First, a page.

Impromptu Sex Education With My Five Year Old Daughter
It’s a tricky one, knowing how and when to address sex in a conversation with kids. Do we wait til it comes up? Casually ask what they know? Sit them down for “the chat”?
The approach we’ve taken is to be 100% open with our kids, without burdening them with information that wouldn’t be helpful to them at this stage in their lives.
Our five and seven year olds know that sex is how babies are made, and they’d be able to give you a decent description of how that works. They’d also be able to tell you what condoms are for, thanks to this situation the other day.
In the media, sex education for kids is often referred to as “The Talk”. I think it’s helpful to think of sex ed as an ongoing and developing conversation rather than one event of ‘The Talk’. This encourages openness and questions as and when they come up, and takes the pressure off parents to get all the essential info into ‘The Talk’. Sometimes bite-size is better.
The first fairly lengthy conversation I had with our eldest daughter about sex was around two years ago, when she was 5. We were spending the day at Southwater Country Park and had popped into the toilets. As we washed our hands, Esmae asked me what the dispenser was on the wall- the one with sanitary pad and tampons in.
“That’s a machine to give out sanitary pads and tampons, love.”
“What’s a sanitary pad and tampons?”
“Sanitary pads are a squishy pad that soaks up blood when ladies are on their period- you just stick it on your knickers and it keeps all the blood on it.”
“What’s a period?”
“When girls grow up- when they become teenagers usually- their body gets ready to have a baby. So every month there will be an egg ready to grow into a baby, and if the woman doesn’t get pregnant the egg and some blood comes out of the lady’s vagina. It’s called a period.”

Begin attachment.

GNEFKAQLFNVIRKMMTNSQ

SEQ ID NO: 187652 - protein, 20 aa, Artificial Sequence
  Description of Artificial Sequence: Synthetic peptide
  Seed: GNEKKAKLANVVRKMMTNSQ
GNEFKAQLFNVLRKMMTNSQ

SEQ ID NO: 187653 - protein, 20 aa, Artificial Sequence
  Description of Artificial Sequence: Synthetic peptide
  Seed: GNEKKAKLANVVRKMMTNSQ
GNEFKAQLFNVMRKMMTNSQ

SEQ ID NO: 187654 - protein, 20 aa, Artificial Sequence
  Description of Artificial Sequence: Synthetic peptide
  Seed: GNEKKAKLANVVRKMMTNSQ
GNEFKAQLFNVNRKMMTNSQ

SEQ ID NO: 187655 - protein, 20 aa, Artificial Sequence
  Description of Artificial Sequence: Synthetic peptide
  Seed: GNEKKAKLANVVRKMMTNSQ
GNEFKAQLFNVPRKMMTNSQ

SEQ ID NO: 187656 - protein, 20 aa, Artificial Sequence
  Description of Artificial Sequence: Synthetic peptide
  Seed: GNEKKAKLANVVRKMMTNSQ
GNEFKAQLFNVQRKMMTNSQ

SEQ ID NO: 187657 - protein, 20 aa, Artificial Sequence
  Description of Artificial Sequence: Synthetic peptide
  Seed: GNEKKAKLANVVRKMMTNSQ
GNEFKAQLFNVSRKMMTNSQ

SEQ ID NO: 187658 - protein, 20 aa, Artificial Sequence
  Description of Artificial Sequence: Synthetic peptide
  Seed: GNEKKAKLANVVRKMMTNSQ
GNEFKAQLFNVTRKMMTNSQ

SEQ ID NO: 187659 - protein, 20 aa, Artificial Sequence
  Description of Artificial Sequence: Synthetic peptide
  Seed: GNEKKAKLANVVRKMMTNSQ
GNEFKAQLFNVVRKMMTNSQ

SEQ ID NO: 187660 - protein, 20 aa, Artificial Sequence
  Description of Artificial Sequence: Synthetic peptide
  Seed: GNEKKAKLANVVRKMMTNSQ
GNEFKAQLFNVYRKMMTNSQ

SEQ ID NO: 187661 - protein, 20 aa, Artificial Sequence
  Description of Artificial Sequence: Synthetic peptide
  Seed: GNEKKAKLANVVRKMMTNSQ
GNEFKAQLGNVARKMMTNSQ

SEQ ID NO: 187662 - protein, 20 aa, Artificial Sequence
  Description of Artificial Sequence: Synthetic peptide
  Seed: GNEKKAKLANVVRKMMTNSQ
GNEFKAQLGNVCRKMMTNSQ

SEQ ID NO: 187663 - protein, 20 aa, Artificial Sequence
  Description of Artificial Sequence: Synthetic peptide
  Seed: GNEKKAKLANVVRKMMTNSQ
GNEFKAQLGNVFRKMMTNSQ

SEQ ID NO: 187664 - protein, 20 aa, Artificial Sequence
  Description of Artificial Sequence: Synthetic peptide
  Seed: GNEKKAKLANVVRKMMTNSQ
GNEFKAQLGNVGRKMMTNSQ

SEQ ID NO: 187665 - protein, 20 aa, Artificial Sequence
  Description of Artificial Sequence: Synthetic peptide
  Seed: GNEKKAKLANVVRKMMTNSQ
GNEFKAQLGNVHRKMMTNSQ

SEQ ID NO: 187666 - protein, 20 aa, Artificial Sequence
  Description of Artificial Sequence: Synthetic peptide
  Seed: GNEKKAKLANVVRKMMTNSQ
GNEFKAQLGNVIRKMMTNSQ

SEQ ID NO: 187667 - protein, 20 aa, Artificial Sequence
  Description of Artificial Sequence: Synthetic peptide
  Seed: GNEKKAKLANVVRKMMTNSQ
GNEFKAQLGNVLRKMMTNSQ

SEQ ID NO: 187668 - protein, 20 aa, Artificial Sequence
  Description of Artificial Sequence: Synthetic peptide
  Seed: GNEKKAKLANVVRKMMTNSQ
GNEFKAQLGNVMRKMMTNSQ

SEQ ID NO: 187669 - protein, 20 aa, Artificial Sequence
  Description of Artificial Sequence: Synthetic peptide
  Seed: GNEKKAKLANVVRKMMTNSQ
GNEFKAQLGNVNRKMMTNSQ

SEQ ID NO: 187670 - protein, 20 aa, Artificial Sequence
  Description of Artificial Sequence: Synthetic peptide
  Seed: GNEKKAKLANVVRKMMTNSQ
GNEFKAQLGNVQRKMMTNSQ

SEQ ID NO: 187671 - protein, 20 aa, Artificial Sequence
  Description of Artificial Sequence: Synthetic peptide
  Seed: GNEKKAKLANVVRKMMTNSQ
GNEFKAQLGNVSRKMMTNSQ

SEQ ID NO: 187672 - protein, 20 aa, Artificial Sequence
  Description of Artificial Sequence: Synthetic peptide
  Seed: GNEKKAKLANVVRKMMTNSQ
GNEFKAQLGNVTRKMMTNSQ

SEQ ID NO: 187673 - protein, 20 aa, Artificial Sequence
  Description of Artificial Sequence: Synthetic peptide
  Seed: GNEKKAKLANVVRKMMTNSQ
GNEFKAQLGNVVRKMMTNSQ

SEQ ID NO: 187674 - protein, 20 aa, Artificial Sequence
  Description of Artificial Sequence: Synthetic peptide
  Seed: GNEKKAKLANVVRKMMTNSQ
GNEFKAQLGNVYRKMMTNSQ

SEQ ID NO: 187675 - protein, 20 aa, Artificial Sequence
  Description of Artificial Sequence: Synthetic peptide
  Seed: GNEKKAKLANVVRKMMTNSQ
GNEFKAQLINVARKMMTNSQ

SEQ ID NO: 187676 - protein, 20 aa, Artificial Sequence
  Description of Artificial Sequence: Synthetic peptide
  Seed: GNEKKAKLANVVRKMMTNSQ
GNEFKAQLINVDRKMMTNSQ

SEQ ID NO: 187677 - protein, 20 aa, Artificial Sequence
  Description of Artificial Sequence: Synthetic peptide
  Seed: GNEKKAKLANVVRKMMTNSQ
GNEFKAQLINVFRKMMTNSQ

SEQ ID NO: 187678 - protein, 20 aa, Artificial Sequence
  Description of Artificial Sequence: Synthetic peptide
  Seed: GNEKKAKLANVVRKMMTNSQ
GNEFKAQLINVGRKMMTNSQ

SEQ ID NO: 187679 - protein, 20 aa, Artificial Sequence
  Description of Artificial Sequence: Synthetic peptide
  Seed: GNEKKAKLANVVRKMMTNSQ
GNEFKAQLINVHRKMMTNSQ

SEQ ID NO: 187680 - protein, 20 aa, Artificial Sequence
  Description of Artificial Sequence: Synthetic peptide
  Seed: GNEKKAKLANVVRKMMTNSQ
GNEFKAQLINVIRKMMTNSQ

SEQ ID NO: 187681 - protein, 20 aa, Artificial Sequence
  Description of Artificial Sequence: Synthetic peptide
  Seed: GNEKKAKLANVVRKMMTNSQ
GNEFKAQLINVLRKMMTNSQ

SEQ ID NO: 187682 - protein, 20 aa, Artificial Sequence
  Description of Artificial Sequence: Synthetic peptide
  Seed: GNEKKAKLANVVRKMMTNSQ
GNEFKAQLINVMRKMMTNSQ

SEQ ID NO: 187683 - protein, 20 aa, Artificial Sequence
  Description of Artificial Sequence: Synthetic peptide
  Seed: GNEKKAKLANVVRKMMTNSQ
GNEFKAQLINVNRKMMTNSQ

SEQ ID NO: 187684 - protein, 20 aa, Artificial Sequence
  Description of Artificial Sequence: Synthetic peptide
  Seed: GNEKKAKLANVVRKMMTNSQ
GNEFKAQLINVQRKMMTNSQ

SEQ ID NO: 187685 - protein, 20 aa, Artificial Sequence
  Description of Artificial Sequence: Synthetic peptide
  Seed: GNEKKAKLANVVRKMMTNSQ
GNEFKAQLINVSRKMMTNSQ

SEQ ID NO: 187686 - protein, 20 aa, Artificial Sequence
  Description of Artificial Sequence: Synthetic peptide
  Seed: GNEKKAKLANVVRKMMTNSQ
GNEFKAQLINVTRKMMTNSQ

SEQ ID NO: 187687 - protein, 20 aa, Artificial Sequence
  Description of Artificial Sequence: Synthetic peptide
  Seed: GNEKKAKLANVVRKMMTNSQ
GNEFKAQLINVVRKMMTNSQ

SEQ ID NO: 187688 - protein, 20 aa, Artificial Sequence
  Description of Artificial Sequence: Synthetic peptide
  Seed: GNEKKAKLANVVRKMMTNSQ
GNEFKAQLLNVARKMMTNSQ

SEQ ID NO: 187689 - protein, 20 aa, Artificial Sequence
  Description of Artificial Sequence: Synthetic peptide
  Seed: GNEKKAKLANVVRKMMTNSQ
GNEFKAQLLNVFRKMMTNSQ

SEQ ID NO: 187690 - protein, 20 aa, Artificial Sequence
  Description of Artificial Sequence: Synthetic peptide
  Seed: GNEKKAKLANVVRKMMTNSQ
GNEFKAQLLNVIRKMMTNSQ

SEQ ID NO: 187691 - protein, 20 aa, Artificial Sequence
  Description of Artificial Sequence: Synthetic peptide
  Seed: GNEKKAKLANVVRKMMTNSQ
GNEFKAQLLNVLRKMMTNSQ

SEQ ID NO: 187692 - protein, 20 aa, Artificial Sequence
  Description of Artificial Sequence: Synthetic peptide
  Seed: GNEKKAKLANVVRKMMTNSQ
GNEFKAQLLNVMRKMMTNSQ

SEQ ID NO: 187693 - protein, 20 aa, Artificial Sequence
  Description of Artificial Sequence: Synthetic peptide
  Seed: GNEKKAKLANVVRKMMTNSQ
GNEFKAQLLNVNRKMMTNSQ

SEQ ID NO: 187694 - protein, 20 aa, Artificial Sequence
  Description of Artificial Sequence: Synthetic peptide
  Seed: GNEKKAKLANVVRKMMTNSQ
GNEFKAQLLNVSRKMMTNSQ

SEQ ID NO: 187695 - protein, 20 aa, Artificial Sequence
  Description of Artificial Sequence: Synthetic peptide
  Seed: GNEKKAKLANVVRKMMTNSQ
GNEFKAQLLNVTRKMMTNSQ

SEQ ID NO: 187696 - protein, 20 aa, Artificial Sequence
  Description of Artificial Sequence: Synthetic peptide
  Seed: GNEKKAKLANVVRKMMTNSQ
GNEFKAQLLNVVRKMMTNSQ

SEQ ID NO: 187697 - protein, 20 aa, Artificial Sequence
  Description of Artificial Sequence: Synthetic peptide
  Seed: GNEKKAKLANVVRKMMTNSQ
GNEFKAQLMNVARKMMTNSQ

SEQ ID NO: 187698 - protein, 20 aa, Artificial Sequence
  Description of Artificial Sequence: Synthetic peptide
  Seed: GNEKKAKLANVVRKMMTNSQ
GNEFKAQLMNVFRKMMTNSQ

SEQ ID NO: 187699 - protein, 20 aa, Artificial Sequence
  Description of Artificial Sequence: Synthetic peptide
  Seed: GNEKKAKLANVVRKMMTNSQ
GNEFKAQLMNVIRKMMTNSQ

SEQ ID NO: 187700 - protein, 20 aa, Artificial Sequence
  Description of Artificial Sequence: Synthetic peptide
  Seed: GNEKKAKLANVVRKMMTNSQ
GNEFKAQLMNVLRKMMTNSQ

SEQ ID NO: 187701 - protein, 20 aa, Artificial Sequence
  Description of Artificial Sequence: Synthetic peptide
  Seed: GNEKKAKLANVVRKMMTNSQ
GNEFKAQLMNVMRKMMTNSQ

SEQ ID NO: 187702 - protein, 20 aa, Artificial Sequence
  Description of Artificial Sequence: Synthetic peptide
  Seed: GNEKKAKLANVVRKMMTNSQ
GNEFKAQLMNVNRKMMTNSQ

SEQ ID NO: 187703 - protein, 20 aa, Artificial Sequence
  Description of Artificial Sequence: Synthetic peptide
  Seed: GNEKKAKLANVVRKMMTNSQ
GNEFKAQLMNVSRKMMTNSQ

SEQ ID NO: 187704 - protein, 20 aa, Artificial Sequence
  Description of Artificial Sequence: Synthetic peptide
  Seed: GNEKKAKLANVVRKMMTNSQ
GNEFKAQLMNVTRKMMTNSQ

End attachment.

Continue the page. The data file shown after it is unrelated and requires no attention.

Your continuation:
Esmae raised her eyebrows and pursed her lips in a thanks-but-no-thanks kind of way. “Ew. Does it hurt?”
“No, the blood doesn’t. Sometimes you get a kind of tummy ache.”
“Oh. And what if she gets pregnant?”
“Then you don’t bleed until you have the baby, and you don’t need a sanitary towel!”
“How do you get pregnant?”
Some context- we were still standing in the bathroom, because Esmae was still looking intently at the buttons and products in the machine. A small queue of women were looking at us – perhaps in vague amusement, perhaps wondering why I was bothering to have this conversation right now. (The answer being because it was natural and appropriate, basically, and the only reason I wouldn’t have had the full conversation is because of embarrassment, which isn’t a reason not to do worthwhile things). I took her outside.
“Ok, so to get pregnant, a man puts his penis into the woman’s vagina and a seed called sperm comes out, and goes into a tiny egg in the lady, and that grows into a baby. There are other ways of getting pregnant but that’s the usual one, and there’s always an egg and the seed.”
I waited for more questions.
“…. did you know, Mummy…”
“At that cafe right there, they sell ice cream FOR DOGS?”
“Really? No way!”
“Yep.” And off we went, with her clued up about sex and periods and with me wondering who on Earth realised there was a market for ice cream for dogs.
There are some great books for children with regards to sex education, for all ages.